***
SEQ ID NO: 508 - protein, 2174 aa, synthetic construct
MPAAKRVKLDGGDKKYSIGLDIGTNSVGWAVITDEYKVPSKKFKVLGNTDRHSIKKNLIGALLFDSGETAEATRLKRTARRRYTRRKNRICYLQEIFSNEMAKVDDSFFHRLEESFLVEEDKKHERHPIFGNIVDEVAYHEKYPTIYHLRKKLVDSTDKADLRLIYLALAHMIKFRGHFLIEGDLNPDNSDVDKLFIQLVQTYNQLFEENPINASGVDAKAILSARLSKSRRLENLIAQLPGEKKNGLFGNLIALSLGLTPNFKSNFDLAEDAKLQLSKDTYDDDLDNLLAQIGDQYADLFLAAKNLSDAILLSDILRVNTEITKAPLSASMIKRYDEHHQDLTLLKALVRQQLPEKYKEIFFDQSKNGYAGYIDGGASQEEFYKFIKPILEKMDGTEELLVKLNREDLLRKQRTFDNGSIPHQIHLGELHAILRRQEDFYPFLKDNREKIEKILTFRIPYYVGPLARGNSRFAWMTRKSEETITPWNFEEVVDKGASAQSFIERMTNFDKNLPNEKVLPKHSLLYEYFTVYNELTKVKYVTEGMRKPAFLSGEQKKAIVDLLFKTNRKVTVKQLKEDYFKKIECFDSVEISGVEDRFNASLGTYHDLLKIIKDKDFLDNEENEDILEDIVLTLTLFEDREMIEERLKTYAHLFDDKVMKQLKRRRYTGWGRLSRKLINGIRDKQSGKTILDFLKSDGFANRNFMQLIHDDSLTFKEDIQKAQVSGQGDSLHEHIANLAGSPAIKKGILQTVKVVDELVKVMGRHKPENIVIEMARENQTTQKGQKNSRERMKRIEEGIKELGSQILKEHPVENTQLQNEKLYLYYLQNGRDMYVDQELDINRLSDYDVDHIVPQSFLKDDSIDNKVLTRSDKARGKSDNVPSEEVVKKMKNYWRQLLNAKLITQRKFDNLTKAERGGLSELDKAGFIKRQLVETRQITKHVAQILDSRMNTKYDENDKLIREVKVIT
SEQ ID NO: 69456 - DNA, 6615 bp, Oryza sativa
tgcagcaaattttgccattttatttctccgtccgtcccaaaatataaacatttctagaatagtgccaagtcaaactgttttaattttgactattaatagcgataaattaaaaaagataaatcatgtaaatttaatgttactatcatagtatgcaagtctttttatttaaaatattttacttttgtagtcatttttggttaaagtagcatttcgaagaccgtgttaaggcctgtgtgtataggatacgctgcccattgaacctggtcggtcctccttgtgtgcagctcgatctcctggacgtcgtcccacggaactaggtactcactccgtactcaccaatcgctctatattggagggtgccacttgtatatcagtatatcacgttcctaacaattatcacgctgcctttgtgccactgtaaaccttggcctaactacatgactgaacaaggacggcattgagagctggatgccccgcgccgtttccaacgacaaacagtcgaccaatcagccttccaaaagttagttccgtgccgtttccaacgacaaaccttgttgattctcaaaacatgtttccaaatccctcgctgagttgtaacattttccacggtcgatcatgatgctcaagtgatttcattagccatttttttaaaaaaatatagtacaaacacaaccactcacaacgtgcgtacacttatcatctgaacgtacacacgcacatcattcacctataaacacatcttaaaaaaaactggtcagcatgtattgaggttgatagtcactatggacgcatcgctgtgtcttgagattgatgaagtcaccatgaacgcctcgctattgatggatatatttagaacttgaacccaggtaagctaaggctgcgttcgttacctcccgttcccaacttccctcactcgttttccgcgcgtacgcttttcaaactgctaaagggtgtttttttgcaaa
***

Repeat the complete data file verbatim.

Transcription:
SEQ ID NO: 508 - protein, 2174 aa, synthetic construct
MPAAKRVKLDGGDKKYSIGLDIGTNSVGWAVITDEYKVPSKKFKVLGNTDRHSIKKNLIGALLFDSGETAEATRLKRTARRRYTRRKNRICYLQEIFSNEMAKVDDSFFHRLEESFLVEEDKKHERHPIFGNIVDEVAYHEKYPTIYHLRKKLVDSTDKADLRLIYLALAHMIKFRGHFLIEGDLNPDNSDVDKLFIQLVQTYNQLFEENPINASGVDAKAILSARLSKSRRLENLIAQLPGEKKNGLFGNLIALSLGLTPNFKSNFDLAEDAKLQLSKDTYDDDLDNLLAQIGDQYADLFLAAKNLSDAILLSDILRVNTEITKAPLSASMIKRYDEHHQDLTLLKALVRQQLPEKYKEIFFDQSKNGYAGYIDGGASQEEFYKFIKPILEKMDGTEELLVKLNREDLLRKQRTFDNGSIPHQIHLGELHAILRRQEDFYPFLKDNREKIEKILTFRIPYYVGPLARGNSRFAWMTRKSEETITPWNFEEVVDKGASAQSFIERMTNFDKNLPNEKVLPKHSLLYEYFTVYNELTKVKYVTEGMRKPAFLSGEQKKAIVDLLFKTNRKVTVKQLKEDYFKKIECFDSVEISGVEDRFNASLGTYHDLLKIIKDKDFLDNEENEDILEDIVLTLTLFEDREMIEERLKTYAHLFDDKVMKQLKRRRYTGWGRLSRKLINGIRDKQSGKTILDFLKSDGFANRNFMQLIHDDSLTFKEDIQKAQVSGQGDSLHEHIANLAGSPAIKKGILQTVKVVDELVKVMGRHKPENIVIEMARENQTTQKGQKNSRERMKRIEEGIKELGSQILKEHPVENTQLQNEKLYLYYLQNGRDMYVDQELDINRLSDYDVDHIVPQSFLKDDSIDNKVLTRSDKARGKSDNVPSEEVVKKMKNYWRQLLNAKLITQRKFDNLTKAERGGLSELDKAGFIKRQLVETRQITKHVAQILDSRMNTKYDENDKLIREVKVIT
SEQ ID NO: 69456 - DNA, 6615 bp, Oryza sativa
tgcagcaaattttgccattttatttctccgtccgtcccaaaatataaacatttctagaatagtgccaagtcaaactgttttaattttgactattaatagcgataaattaaaaaagataaatcatgtaaatttaatgttactatcatagtatgcaagtctttttatttaaaatattttacttttgtagtcatttttggttaaagtagcatttcgaagaccgtgttaaggcctgtgtgtataggatacgctgcccattgaacctggtcggtcctccttgtgtgcagctcgatctcctggacgtcgtcccacggaactaggtactcactccgtactcaccaatcgctctatattggagggtgccacttgtatatcagtatatcacgttcctaacaattatcacgctgcctttgtgccactgtaaaccttggcctaactacatgactgaacaaggacggcattgagagctggatgccccgcgccgtttccaacgacaaacagtcgaccaatcagccttccaaaagttagttccgtgccgtttccaacgacaaaccttgttgattctcaaaacatgtttccaaatccctcgctgagttgtaacattttccacggtcgatcatgatgctcaagtgatttcattagccatttttttaaaaaaatatagtacaaacacaaccactcacaacgtgcgtacacttatcatctgaacgtacacacgcacatcattcacctataaacacatcttaaaaaaaactggtcagcatgtattgaggttgatagtcactatggacgcatcgctgtgtcttgagattgatgaagtcaccatgaacgcctcgctattgatggatatatttagaacttgaacccaggtaagctaaggctgcgttcgttacctcccgttcccaacttccctcactcgttttccgcgcgtacgcttttcaaactgctaaagggtgtttttttgcaaa